6 Things You Need to Know About Women's Issues in India

Contributing editor Melinda Gates on the stories—and women—who are making impactful change.​

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In the 15 years since Bill and I started our foundation, I've spent a lot of time overseas in developing countries, meeting people, seeing their homes, hearing their stories, and learning about what their lives are like.

I just got back from India—my ninth trip there—where I visited with families in two rural villages, Kamrawa and Kola. We had long, candid conversations about everything from education to gender equality to contraceptives.

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For many years, women in these villages have had no access to contraceptives, which means no options for deciding whether—or  even when—to get pregnant. But now, contraceptives are slowly becoming more prevalent. There's a new generation of young women in this part of the world who are finding that family planning tools are helping them take charge of their futures.

Here are some other takeaways from my trip:

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1. Access to Contraceptives Is Empowering a New Generation of Women

Village Health and Nutrition Day, Kamrawa

Like most women I know, I have used contraceptives for many years. The decision about whether and when to get pregnant was a decision that Bill and I made together based on what was right for our family –and that's a Western privilege: Over 220 million women around the world don't have access to modern contraceptives.

For many years, that was the reality for women in Kamrawa. But now, they have many more places to turn to for family planning services and counseling—especially on the community's monthly "health and nutrition day." This new initiative is empowering a younger generation of women to make decisions for themselves.

2. Cultural Norms Are Shifting

Anita and her 6-month-old granddaughter, Neha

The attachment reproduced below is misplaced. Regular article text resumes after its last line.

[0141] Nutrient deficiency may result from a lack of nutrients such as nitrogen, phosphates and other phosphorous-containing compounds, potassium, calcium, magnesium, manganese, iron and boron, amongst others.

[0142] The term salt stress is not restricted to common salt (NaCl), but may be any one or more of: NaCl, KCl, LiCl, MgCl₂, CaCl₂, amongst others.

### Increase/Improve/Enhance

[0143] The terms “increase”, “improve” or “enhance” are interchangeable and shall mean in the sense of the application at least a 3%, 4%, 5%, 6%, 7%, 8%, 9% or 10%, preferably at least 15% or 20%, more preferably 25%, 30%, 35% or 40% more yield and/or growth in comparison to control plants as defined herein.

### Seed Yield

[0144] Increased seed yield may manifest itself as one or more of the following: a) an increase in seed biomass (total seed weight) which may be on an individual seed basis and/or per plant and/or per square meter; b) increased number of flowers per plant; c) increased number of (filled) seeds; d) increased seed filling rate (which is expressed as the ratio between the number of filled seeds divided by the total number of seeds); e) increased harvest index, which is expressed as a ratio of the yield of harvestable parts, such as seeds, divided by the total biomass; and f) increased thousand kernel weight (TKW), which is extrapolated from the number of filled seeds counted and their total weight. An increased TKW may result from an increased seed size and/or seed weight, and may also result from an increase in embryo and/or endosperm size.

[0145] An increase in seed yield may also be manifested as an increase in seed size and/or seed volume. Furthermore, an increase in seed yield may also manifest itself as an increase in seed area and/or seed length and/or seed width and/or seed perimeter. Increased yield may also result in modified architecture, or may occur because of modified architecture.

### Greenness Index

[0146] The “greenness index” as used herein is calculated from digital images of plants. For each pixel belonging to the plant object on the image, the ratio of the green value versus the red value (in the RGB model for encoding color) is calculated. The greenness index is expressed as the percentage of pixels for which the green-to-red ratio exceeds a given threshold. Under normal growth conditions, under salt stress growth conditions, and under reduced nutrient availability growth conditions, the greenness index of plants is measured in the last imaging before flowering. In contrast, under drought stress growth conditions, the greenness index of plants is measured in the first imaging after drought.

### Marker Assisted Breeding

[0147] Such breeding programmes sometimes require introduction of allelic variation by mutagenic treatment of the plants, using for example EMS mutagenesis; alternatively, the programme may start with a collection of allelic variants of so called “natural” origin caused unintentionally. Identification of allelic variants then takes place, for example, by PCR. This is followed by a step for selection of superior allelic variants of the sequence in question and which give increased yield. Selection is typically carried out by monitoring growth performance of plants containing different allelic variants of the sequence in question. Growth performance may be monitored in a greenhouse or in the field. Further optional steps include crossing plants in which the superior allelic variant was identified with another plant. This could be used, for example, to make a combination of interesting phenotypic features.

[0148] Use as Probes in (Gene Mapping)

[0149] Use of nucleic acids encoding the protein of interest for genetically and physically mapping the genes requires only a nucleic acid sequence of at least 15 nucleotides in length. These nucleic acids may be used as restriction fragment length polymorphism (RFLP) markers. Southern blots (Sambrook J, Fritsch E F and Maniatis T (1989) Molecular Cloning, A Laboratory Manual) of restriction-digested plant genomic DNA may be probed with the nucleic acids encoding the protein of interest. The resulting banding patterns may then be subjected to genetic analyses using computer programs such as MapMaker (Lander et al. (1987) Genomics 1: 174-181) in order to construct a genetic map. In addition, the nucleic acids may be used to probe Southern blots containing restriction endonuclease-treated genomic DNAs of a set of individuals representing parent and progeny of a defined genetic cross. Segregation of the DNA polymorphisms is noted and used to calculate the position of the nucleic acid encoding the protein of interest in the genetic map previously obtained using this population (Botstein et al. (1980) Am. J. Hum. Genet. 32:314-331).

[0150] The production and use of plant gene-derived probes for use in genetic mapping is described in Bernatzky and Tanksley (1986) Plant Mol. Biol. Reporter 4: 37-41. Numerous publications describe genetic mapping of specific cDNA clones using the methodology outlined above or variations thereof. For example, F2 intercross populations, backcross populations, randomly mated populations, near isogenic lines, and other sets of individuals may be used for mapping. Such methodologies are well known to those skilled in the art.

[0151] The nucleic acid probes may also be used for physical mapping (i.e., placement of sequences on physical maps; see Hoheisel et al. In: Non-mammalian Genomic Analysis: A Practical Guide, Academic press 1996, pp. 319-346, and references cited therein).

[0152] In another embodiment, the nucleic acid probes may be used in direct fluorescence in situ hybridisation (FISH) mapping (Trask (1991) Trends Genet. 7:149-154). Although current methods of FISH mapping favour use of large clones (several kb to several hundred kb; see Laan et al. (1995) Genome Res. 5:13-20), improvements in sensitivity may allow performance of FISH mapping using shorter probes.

When she was young, Anita didn't have access to modern contraceptives like the women in her village do today. There was no doctor she could visit to talk to about her options, nor a pharmacy where she could pick up a prescription. Instead, she got married when she was only 16 and started having children right away. The birth of her first child was quickly followed by the birth of four more. As a result, she worried constantly about whether she could afford to feed them and keep them in school.

Today, Anita loves spending time with her 6-month-old granddaughter, Neha, and is determined to give her every opportunity to live her best possible life. She says that she hopes Neha's mother—her daughter-in-law—will take advantage of the newfound contraceptive access and space out her pregnancies. In a society where mothers-in-law have traditionally encouraged their daughters-in-law to have big families, Anita's attitude is a sign of shifting cultural norms.

3. Time Poverty Is Impacting Women's Ability to Prosper

Anita prepares papad
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On average, Indian women spend about six hours a day on the everyday chores that keep households running–jobs like cleaning, caring for children, and preparing food, like the papad Anita is making in this photo. Men, on the other hand, typically spend less than an hour on these tasks. Anita told me that for long stretches of her life, her household work took up her whole day, leaving her no time to get a job outside the home or pursue any sort of education. As I wrote in our annual letter earlier this year, this inequity is one that many women around the world face.

4. Working Mothers Are on the Rise

Sushila and her daughter Sakshi

Sushila has two kids, including 2-year-old Sakshi. She told me that she and her husband are using contraceptives because they want to wait until their finances are a little more secure to have more children. When her daughter starts school, Sushila is going back to her job as a teacher. Working mothers are rare in this community—so Sushila's decision is a visible step toward equality for the women who live there.

5. Vaccines Are Saving Lives

Archana, a nurse midwife, administers a vaccine

This year, more children around the world will live to see their fifth birthday than ever before—and vaccines are a key reason why. No baby likes getting a shot, but parents and health workers know that a vaccine can mean the difference between life or death. Archana knows how important her work is to her community: She told me that the responsibility she feels for the women and children she takes care of keeps her going through long workdays in the sweltering heat.

6. These Women Are Paving the Way Forward

Saying goodbye to the women of Kamrawa

All of these women told me they're just as ambitious for their daughters as they are for their sons. I can't wait to see what this next generation of young women grows up to accomplish.

Follow me on Instagram at @melindafrenchgates to see more snapshots from my travels and learn about my work advocating for women and girls.

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